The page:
My Ireland Experience

Written by Zena Coffey on . Posted in News

Now that I have sufficiently recovered I thought I should pen a short but lighthearted review of my race in Ireland HIM.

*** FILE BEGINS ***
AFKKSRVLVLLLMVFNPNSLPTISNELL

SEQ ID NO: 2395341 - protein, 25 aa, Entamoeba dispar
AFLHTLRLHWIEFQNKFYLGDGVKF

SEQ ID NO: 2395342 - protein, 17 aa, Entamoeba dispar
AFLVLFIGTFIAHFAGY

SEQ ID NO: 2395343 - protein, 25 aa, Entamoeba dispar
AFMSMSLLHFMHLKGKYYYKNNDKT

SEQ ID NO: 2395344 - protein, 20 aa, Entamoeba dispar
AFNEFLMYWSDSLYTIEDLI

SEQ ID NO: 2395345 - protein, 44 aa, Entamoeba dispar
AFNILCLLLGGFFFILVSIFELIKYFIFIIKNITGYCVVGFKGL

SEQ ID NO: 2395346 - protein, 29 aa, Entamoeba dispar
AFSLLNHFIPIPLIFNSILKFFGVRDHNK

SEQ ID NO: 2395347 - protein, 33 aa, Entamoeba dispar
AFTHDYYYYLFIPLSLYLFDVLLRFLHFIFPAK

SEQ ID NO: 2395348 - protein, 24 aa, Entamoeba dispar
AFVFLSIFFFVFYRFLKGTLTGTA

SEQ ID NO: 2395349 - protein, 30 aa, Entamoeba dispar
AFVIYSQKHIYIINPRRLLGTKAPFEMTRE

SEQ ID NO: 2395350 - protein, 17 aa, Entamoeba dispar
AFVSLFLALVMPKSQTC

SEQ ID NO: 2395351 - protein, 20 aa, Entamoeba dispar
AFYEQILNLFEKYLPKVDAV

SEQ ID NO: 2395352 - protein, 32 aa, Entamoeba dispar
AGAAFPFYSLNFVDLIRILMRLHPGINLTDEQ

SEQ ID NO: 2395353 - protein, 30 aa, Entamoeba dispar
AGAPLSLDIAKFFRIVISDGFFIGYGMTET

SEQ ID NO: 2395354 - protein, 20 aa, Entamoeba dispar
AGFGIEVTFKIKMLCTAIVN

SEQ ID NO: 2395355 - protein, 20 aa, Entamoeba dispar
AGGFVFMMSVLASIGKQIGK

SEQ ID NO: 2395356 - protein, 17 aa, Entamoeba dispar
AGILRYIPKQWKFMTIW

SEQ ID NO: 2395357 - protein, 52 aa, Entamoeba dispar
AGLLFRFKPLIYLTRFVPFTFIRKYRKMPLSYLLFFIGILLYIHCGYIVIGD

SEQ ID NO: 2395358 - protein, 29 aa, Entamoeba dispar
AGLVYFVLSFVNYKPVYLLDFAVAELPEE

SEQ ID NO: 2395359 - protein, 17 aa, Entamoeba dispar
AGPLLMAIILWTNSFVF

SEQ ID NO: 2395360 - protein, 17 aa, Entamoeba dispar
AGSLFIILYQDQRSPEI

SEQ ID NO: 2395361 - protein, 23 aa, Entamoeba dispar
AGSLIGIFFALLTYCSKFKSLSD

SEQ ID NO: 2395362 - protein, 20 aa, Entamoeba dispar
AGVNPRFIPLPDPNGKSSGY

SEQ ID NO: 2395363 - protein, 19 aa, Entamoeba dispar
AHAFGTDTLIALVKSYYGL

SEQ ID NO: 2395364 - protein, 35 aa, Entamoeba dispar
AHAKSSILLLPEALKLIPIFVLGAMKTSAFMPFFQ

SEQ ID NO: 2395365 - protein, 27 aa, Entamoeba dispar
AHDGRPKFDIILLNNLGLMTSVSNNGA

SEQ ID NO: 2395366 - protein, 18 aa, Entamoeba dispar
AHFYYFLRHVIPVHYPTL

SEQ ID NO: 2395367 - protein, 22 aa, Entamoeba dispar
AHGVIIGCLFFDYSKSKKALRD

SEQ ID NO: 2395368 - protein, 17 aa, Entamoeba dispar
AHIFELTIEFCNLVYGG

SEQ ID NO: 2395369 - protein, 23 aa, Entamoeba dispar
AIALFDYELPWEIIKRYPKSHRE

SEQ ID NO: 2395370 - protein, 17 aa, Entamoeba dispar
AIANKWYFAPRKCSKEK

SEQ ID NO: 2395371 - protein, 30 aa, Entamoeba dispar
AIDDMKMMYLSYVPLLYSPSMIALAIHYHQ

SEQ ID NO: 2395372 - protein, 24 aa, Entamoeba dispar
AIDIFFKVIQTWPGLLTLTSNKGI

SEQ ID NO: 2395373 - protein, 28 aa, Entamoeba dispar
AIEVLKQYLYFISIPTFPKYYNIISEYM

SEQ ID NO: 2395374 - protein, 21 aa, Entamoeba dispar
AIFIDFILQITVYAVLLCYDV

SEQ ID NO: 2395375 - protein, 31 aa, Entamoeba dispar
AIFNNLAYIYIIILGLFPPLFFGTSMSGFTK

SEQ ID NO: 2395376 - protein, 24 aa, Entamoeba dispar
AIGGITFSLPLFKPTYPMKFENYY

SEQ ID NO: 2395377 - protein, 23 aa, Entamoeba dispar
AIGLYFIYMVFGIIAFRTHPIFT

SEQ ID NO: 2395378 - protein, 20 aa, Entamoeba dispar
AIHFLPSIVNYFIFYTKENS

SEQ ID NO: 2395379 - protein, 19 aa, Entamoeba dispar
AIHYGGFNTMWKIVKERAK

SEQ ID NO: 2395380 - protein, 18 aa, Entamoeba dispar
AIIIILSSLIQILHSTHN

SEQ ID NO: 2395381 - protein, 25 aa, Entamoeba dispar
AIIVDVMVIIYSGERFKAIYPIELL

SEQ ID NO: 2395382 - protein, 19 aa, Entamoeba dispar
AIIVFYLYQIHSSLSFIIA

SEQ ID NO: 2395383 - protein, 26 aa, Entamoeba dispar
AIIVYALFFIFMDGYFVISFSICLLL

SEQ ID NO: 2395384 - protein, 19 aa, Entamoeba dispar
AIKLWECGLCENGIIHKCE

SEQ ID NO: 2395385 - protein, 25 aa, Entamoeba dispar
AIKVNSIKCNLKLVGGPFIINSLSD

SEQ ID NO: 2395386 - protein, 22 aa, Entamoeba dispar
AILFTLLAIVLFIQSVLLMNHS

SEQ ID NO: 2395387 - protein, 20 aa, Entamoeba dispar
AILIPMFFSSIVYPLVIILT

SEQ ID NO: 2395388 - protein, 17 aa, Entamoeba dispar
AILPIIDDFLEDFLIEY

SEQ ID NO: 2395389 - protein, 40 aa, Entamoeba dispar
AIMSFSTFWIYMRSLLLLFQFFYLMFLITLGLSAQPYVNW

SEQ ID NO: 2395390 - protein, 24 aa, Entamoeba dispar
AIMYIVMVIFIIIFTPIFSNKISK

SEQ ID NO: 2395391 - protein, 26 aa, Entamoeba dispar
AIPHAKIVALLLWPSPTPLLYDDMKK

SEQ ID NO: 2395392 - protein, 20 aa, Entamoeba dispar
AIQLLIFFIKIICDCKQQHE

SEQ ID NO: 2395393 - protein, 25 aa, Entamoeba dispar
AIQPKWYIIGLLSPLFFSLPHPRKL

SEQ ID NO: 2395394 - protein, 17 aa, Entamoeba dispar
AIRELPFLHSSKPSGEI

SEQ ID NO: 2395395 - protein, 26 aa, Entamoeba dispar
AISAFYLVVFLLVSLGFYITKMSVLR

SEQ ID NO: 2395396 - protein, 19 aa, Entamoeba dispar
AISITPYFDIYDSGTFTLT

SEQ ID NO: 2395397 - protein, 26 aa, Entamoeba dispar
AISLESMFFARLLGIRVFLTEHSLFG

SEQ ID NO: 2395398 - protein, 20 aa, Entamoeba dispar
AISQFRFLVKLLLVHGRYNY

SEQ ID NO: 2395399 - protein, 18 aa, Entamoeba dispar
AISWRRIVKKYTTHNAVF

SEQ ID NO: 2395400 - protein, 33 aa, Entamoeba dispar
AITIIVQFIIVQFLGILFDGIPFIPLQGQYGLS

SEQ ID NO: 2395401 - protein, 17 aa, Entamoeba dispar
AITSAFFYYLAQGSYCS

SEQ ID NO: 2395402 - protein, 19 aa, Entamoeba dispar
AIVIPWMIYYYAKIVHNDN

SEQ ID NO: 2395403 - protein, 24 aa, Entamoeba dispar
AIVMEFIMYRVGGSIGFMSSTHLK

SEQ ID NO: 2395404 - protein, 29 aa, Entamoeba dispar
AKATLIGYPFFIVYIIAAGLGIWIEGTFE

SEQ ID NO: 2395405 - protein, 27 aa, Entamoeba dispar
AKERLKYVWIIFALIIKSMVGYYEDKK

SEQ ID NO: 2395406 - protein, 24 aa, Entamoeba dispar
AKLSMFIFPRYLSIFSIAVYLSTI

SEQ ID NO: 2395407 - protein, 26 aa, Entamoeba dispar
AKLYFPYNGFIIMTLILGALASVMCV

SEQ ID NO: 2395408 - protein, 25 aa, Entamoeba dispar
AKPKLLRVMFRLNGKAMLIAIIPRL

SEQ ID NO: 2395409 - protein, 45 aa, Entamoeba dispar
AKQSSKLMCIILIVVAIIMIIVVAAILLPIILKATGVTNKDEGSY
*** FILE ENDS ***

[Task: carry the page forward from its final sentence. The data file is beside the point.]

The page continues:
Back in May I was given the call to travel to UK for a few months to help out on a few things – a tough gig but someone had to do it. Upon arriving in the sunny UK I decided that I should race in at least one European Ironman event – just because I could (who ever said I was sane?). Just to set the scene – and not to give you too many expectations of fantastic results (I have long ago decided winning is not my forte) I should point out that leading up to race day I had done 2 road rides of a huge 50k, no running for 4 weeks after straining a calf and a huge swim block of about an hour a week in a 33m pool.So on the basis of this optimized preparation I set off for Ireland with high hopes of a top 40 finish in my age group (did I mention only 42 were racing in my age group). My better half and I arrived late Thursday night after 12 hrs of travelling from London, including a 4hr ferry trip. The weather was OK, about a force 9 gale, rain and low temps – so everything seemed OK. Waking on Friday I saw the weather had changed to force 10 gales – swim practice tomorrow was going to be a real hoot! On Friday I went for a short run and was advised by my calf to give it up after 15 mins of running. I am sure if the calf was all good I could have maintained my sub 4 min pace for at least 20ks, but not to be. The only real worry I had, apart from the calf, the weather, the lack of swim preparation and poor bike training, was I had not yet had time to trial my new disc wheel – that was going to give me a huge advantage on the bike, I had no doubt. On the Saturday morning before race day I joined in the swim course familiarization – yeah now I know why we laugh at the Irish. The familiarization was from the beach we didn’t enter or exit from and was at right angles to the course – of significant value to me if I got lost on the swim. I did like the swells rolling in and the 14c degree water temp though. With a force 45 gale now blowing, rain being all but horizontal I was really getting excited about racing with my new disc wheel on wet roads – it would definitely be a bid advantage for me! After taking the bike from the hotel to check it in wisdom got the better of me – I changed the disc back to my trusty race wheels – no disc = no win for me.